Mental Health Workers Concerned With California’s Overhaul Plans
Mental health care workers are voicing concern over the state Department of Mental Health's proposal to eliminate hundreds of positions as part ofÂ an overhaul of the state's mental health care system, the AP/San Jose Mercury News reports (Lin, AP/San Jose Mercury News, 12/12).
About the Plan
Last week, the mental health department released plans to overhaul state mental health care programs.
The proposal outlines the establishment ofÂ a new Department of State Hospitals, which is expected to replace the Department of Mental Health next year (California Healthline, 12/8). The new department would oversee about 6,300 patients in state hospitals and prisons.
The proposal also calls for eliminating 620 positions next year to reduce costs by $193 million. According to the state, many of the positions already are vacant or could be eliminated through attrition.
The plan is part of Gov. Jerry Brown's (D) broader push to shift management of state services to local control.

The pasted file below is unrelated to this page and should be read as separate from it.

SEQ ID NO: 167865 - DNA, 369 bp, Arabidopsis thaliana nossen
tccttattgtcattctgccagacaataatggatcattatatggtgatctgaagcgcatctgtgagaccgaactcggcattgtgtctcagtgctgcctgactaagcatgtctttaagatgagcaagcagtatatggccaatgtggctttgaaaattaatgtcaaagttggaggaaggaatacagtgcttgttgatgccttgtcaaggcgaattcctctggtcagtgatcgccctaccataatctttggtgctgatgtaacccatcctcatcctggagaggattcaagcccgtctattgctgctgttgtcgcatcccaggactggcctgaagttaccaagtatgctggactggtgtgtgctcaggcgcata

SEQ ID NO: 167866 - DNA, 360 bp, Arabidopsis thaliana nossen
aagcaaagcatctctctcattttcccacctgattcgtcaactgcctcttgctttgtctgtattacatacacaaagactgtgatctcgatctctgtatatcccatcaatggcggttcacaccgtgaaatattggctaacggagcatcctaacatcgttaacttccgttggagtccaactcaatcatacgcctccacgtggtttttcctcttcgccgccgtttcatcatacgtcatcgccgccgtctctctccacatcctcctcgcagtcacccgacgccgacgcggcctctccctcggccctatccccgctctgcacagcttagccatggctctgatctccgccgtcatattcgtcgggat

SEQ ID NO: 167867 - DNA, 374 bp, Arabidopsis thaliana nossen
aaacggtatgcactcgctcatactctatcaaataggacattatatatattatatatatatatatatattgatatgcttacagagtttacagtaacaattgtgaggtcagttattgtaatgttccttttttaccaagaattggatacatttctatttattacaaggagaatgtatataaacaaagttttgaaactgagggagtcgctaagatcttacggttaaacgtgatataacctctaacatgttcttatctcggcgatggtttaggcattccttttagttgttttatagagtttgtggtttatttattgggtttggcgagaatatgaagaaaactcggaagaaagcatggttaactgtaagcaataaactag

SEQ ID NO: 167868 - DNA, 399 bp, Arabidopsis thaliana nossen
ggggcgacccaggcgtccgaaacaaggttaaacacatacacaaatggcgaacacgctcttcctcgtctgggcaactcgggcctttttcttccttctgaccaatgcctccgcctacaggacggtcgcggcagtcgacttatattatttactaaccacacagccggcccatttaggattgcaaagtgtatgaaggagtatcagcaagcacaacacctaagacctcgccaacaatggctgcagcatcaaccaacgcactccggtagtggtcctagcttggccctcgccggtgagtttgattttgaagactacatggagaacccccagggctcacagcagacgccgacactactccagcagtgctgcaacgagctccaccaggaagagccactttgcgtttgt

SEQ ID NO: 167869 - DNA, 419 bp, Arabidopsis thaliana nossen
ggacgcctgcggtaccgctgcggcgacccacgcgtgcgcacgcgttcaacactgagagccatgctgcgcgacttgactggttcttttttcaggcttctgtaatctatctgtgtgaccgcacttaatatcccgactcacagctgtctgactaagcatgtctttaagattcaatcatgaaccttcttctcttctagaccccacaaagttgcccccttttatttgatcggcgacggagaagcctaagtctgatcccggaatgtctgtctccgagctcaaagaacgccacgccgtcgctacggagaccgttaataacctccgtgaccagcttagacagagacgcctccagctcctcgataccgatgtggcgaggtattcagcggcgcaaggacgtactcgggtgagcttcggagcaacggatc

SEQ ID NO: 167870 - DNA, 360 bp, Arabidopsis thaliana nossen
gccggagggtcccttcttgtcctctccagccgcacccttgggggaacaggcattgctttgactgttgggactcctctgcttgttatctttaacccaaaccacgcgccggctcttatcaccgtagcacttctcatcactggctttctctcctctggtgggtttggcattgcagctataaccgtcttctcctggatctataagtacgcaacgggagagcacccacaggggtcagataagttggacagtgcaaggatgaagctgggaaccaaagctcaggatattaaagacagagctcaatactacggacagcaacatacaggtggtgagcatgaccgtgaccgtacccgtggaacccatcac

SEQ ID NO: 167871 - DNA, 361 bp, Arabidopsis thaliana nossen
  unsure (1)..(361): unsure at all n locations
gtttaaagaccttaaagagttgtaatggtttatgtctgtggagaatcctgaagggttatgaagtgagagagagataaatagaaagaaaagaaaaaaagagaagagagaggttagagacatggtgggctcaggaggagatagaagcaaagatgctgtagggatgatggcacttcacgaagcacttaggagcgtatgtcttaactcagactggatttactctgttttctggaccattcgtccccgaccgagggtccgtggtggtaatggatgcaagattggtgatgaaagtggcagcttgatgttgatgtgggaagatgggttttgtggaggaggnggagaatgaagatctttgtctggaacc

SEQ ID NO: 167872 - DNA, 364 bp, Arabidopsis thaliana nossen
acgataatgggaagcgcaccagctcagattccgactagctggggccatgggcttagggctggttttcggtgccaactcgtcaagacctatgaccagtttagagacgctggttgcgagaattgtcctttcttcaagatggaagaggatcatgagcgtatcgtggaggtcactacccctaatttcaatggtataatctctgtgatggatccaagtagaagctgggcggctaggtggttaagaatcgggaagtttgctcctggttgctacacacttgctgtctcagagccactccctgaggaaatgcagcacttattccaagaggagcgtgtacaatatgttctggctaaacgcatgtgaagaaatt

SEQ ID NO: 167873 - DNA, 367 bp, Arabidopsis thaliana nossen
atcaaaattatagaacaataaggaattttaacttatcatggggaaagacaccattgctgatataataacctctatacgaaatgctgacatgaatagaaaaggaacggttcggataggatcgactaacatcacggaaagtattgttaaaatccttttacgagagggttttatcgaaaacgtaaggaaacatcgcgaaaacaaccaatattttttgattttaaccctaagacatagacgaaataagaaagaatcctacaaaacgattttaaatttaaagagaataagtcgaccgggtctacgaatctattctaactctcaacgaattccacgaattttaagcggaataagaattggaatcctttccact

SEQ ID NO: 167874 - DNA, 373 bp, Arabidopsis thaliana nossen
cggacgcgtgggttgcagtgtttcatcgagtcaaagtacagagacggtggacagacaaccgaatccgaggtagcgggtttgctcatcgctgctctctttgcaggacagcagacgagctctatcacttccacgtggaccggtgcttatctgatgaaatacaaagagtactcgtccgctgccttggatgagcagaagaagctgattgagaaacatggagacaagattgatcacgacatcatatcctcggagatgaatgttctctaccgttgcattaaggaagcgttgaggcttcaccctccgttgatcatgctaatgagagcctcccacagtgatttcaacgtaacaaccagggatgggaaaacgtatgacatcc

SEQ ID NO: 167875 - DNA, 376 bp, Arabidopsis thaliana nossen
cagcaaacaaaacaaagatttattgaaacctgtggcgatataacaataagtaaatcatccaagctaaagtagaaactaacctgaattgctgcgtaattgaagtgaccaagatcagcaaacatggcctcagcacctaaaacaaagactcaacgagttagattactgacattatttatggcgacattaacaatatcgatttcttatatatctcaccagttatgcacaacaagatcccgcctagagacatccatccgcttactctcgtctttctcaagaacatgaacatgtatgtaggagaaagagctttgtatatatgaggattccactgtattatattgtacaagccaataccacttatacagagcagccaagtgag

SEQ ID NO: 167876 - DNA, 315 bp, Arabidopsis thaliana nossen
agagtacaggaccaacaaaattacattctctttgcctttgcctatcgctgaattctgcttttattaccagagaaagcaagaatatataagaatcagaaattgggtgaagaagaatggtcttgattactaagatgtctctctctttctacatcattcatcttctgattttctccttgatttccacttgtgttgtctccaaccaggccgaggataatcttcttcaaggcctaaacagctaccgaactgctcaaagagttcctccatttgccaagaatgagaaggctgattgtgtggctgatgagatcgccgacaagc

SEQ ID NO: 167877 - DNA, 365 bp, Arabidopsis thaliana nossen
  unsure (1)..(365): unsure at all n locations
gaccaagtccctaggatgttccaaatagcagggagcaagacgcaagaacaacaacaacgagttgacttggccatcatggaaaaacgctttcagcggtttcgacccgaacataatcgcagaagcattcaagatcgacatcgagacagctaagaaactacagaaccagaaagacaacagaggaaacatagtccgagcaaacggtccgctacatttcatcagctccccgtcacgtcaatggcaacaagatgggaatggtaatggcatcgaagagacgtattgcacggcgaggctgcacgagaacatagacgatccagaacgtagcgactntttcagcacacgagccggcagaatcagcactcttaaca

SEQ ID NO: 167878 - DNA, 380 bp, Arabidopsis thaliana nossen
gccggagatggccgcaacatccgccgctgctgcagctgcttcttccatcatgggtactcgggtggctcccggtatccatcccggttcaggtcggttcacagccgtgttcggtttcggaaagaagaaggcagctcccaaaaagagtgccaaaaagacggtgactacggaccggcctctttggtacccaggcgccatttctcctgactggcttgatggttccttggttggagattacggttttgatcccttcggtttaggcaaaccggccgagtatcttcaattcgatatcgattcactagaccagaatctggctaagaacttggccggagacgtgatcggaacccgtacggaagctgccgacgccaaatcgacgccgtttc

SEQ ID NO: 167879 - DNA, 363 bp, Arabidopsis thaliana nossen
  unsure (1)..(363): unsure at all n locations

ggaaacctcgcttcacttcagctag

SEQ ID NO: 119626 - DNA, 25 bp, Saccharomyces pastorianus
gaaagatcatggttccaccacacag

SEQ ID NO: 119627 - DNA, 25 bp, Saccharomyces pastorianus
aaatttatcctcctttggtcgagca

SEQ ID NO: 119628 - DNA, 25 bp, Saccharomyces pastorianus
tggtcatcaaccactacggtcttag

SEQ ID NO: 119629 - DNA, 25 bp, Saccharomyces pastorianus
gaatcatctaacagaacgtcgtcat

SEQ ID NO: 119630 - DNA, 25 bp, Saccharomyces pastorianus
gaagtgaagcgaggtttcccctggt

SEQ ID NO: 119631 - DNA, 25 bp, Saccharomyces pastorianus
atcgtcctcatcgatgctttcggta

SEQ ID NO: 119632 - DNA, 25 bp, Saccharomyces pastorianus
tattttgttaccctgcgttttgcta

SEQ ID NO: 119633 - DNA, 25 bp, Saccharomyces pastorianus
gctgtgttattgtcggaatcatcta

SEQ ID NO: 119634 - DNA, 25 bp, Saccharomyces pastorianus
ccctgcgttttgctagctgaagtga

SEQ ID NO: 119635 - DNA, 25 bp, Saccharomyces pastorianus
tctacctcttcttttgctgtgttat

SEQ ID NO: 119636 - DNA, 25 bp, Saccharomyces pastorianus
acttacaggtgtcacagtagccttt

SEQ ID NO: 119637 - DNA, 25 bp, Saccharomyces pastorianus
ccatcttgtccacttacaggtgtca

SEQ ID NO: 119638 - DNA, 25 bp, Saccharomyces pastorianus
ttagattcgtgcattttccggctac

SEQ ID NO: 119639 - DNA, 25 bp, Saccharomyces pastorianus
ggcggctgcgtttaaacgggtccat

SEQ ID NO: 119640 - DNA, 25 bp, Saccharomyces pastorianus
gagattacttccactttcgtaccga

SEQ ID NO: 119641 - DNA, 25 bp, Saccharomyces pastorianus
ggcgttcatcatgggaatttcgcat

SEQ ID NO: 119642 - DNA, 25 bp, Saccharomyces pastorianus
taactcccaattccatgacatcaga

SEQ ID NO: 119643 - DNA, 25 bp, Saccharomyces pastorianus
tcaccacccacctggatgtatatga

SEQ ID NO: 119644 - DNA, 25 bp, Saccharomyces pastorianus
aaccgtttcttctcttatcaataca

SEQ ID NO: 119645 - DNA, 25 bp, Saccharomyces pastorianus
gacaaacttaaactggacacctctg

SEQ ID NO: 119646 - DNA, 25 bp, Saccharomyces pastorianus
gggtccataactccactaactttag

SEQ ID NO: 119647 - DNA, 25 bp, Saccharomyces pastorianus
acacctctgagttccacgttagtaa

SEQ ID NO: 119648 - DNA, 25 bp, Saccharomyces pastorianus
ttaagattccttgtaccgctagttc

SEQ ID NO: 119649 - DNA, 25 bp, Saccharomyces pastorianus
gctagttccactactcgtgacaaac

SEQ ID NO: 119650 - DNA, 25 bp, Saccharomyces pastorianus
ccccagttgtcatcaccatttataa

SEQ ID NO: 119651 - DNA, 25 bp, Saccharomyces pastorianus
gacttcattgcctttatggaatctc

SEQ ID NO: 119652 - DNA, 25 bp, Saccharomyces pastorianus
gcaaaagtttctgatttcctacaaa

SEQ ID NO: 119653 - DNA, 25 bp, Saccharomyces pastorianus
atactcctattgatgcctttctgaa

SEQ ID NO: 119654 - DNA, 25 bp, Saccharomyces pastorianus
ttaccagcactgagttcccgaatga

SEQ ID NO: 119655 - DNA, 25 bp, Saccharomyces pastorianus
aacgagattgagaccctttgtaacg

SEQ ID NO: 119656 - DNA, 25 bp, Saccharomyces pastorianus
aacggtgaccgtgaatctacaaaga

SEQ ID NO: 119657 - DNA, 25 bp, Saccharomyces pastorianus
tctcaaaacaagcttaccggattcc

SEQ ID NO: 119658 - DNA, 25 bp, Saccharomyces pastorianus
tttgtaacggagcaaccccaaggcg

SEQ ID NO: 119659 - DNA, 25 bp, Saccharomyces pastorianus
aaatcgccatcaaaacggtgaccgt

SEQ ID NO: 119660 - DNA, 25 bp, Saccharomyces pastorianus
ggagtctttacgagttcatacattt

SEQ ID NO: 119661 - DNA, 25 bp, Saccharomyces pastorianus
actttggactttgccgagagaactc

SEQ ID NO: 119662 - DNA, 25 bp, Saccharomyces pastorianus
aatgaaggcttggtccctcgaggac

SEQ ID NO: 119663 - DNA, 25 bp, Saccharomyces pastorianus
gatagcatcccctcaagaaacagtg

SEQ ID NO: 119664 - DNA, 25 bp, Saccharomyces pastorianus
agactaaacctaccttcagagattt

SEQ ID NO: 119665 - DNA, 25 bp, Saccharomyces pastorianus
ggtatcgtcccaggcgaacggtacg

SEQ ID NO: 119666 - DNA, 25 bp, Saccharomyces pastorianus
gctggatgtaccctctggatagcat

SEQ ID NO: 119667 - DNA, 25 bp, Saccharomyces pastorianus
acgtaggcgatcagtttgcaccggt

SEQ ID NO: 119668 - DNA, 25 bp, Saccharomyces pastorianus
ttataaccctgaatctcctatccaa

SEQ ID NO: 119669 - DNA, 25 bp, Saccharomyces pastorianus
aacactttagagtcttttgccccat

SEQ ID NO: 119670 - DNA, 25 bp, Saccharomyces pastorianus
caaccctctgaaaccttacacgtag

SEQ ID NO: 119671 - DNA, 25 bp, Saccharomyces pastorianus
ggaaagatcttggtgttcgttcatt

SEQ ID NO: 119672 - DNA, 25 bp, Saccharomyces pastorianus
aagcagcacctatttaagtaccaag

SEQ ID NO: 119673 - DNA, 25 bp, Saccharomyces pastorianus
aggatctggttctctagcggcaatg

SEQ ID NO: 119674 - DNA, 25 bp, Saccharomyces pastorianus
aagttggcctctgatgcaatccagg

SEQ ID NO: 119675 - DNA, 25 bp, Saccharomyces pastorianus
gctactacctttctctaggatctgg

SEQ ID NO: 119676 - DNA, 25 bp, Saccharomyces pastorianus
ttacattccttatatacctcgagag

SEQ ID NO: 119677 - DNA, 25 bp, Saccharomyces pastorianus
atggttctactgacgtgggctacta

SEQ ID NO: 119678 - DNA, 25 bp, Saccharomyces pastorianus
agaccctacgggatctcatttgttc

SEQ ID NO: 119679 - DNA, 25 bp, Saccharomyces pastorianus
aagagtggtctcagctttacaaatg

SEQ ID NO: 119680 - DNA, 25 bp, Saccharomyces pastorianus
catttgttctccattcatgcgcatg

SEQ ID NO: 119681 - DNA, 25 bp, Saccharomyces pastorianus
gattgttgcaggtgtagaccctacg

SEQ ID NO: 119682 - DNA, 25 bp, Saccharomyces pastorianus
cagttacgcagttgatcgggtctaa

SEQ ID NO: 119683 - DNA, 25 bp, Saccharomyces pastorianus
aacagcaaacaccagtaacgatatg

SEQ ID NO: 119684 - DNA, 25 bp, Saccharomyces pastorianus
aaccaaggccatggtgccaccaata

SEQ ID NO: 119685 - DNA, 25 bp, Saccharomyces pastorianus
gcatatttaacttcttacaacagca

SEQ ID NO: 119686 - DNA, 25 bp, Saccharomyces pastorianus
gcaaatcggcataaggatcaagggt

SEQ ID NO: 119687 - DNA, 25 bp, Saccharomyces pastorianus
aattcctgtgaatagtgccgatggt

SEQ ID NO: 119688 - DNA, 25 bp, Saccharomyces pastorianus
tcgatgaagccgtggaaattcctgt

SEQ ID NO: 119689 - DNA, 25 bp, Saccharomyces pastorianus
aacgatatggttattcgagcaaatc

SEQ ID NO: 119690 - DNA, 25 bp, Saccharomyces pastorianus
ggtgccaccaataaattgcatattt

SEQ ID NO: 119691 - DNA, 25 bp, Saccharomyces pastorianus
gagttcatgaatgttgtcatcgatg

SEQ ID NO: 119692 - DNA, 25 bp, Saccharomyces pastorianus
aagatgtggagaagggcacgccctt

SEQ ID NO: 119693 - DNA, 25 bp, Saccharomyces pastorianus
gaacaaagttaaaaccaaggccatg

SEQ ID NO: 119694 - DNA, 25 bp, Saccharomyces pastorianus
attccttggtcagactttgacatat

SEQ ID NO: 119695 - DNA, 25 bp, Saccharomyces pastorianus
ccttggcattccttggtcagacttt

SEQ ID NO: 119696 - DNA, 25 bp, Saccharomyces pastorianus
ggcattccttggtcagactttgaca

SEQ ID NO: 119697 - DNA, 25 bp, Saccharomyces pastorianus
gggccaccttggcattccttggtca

Details of Staffing Issues
Under the state's plan, staff would be assigned to patients based on the seriousness of their mental health conditions.
Members of Safety Now -- a coalition of psychiatric technicians, physicians and other state hospital employees -- said the plan would reduce patient-to-staff ratios by nearly one-third.
Stuart Bussey -- president of the Union of American Physicians and Dentists -- said, "We know that if treatment staff are cut, patient safety will certainly deteriorate further, and assaults will increase."
Kathy Gaither -- acting chief deputy director of the Department of Mental Health -- said the state's plan is designed to save money while maintaining quality of care and safety (AP/San Jose Mercury News, 12/12).This is part of the California Healthline Daily Edition, a summary of health policy coverage from major news organizations. Sign up for an email subscription.